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THOMAS GEORGE v. COMMONWEALTH PENNSYLVANIA (12/28/82)

decided: December 28, 1982.

THOMAS GEORGE, JR. AND GEORGE ALLEN, EXECUTORS OF THE ESTATE OF ROY ALLEN, TENANTS IN PARTNERSHIP T/A LEHIGH STRIPPING CO., APPELLANTS
v.
COMMONWEALTH OF PENNSYLVANIA, DEPARTMENT OF TRANSPORTATION, APPELLEE



Appeal from the Order of the Court of Common Pleas of Schuylkill County in the case of Thomas George, Jr. and George Allen, Executors of the Estate of Roy Allen, Tenants in Partnership t/a Lehigh Stripping Co. v. Commonwealth of Pennsylvania, Department of Transportation, No. 607 July Term, 1966.

COUNSEL

Alan A. Turner, with him Thomas B. Rutter, Thomas B. Rutter, LTD, for appellants.

Patrick J. LaVelle, Assistant Counsel, with him Ward T. Williams, Chief Counsel, and Jay C. Waldman, General Counsel, for appellee.

President Judge Crumlish, Jr. and Judges Rogers and MacPhail, sitting as a panel of three. Opinion by President Judge Crumlish, Jr.

Author: Crumlish

[ 70 Pa. Commw. Page 575]

The Schuylkill County Common Pleas Court, by order, denied Thomas George, Jr., and George Allen's (condemnees) motion for a new trial. Condemnees appeal. We reverse and remand.

In June, 1966, the Commonwealth filed a Declaration of Taking condemning a portion of condemnees' property for construction of Interstate 81. A Board of View assessed damages at $70,000; on appeal by the Commonwealth, a jury awarded the condemnees $10, 208.28. The condemnees now appeal, contending that

[ 70 Pa. Commw. Page 576]

(1) the trial court erred by instructing the jury to make certain factual determinations which were stipulated to by the parties; and (2) that the trial court abused its discretion in denying their motion for a new trial based on the inadequacy of the jury verdict. Because we agree with the condemnees' former contention, we will not address the latter.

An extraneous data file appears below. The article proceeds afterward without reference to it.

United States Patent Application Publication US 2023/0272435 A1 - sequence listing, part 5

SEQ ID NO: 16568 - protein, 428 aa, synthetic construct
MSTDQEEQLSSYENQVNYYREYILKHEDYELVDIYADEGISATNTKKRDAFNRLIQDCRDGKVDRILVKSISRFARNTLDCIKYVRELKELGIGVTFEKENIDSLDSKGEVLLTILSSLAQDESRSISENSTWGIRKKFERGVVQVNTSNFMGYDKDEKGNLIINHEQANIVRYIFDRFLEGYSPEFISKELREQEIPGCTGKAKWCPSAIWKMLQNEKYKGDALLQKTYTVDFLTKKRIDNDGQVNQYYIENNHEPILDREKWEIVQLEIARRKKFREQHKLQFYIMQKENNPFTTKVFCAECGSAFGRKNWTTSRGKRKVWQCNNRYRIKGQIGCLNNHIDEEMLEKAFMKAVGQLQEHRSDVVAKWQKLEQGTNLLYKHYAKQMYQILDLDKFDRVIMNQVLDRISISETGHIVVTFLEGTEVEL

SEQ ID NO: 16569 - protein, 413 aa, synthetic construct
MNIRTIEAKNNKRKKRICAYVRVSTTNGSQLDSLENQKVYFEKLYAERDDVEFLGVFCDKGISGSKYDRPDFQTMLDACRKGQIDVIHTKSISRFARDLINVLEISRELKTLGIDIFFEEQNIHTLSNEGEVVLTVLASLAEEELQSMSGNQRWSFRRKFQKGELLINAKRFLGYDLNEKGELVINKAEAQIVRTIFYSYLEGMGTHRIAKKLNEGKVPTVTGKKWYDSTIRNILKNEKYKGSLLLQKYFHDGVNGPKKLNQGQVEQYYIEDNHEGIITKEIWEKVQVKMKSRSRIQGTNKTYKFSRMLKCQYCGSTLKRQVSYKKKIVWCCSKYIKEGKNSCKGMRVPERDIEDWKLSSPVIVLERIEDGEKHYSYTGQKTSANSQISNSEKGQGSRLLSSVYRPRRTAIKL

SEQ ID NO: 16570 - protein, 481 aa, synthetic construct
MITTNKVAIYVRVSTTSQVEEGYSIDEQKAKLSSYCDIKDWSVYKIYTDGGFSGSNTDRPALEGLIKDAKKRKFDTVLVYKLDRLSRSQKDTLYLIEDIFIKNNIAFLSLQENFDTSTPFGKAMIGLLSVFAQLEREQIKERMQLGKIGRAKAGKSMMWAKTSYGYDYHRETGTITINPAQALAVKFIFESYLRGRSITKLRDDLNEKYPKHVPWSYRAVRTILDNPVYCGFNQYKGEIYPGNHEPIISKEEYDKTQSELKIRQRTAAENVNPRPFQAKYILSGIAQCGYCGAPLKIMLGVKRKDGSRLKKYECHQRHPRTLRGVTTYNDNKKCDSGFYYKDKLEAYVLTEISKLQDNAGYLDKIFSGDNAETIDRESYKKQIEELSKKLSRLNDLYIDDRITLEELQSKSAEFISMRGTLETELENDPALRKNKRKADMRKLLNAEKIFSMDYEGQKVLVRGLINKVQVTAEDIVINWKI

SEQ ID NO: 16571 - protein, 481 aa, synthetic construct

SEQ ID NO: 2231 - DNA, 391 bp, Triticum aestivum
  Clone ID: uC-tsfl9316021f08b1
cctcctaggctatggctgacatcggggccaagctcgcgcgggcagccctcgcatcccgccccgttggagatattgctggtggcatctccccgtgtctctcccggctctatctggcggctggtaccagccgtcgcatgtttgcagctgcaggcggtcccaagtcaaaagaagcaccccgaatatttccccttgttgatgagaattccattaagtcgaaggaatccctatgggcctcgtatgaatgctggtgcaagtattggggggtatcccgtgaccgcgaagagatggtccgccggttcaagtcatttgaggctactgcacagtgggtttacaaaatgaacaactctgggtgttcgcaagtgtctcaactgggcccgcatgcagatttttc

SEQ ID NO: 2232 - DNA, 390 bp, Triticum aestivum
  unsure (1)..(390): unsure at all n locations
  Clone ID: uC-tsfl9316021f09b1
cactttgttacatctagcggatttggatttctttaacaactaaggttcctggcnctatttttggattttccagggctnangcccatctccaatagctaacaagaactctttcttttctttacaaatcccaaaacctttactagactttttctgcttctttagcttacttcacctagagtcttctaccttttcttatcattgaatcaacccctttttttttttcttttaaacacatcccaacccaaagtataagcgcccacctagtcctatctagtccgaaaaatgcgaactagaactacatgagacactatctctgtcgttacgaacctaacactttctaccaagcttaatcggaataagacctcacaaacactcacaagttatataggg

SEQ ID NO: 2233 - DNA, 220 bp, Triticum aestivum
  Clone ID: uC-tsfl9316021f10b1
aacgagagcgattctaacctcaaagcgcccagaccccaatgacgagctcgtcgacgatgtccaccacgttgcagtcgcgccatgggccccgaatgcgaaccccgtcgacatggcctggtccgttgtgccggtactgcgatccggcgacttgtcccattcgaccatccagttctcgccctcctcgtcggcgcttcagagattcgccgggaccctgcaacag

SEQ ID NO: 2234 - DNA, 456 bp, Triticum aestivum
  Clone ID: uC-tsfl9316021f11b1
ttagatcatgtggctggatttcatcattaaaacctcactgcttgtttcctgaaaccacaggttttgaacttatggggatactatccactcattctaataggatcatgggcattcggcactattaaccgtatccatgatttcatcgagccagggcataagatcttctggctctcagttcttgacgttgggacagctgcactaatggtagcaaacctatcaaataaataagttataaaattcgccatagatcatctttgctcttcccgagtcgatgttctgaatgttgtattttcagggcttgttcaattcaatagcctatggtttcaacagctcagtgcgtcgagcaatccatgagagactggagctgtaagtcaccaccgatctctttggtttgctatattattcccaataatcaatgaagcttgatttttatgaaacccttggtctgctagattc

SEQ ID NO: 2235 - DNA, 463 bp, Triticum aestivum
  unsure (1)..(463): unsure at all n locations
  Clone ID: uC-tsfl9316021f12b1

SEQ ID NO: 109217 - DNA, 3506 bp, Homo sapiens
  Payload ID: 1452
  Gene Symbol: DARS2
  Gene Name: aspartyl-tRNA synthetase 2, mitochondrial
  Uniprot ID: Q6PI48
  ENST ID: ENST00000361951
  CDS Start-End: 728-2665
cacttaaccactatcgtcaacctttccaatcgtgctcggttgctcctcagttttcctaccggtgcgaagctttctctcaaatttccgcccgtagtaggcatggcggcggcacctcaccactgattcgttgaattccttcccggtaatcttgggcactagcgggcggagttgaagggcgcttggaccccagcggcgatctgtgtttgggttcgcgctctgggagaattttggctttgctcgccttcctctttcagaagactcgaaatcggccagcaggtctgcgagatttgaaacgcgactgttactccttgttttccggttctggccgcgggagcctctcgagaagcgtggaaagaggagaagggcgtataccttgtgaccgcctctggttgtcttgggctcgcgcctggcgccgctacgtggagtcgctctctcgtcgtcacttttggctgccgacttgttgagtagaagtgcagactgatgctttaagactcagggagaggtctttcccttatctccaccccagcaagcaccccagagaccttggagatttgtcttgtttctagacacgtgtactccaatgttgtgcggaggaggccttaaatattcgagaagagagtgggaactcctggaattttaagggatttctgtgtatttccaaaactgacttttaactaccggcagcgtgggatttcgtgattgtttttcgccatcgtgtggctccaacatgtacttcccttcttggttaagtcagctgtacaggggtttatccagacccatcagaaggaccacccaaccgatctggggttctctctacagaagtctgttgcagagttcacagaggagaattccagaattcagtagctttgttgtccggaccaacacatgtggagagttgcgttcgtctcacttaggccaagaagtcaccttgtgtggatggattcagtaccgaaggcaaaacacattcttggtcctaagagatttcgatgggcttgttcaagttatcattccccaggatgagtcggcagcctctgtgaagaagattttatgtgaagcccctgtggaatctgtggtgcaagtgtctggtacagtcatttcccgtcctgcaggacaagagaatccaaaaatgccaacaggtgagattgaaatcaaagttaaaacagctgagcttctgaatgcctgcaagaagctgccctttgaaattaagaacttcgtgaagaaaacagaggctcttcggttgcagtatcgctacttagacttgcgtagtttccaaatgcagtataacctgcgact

A motion for a new trial is addressed to the discretion of the trial court based upon the circumstances of the particular case and the resultant decision will not be reversed absent a manifest abuse of discretion or a clear error of law. Arndt v. Central Cambria School District, 7 Pa. Commonwealth Ct. 150, 298 A.2d 682 (1972).

During the first day of trial, counsel for the parties, following an hour-long conference out of the jury's presence, stipulated to certain facts. The court advised the jury of the contents of the stipulations:

THE COURT: For the record and Members of the Jury, the last hour has not been unproductive, because counsel for both sides have entered into an agreement concerning some very basic matters relating to this case which, if they were required to be proved on a step-by-step basis, would consume at least two or three days. They have agreed -- and correct me, gentlemen, if I state it incorrectly -- they have agreed upon the following:

[T]hat on June 17, 1966, the Commonwealth took, under its right of eminent domain, the sum of 128.66 acres of the acreage [belonging to the condemnees]. Counsel also agreed that in addition to the amount of acreage actually taken that the condemnation ...


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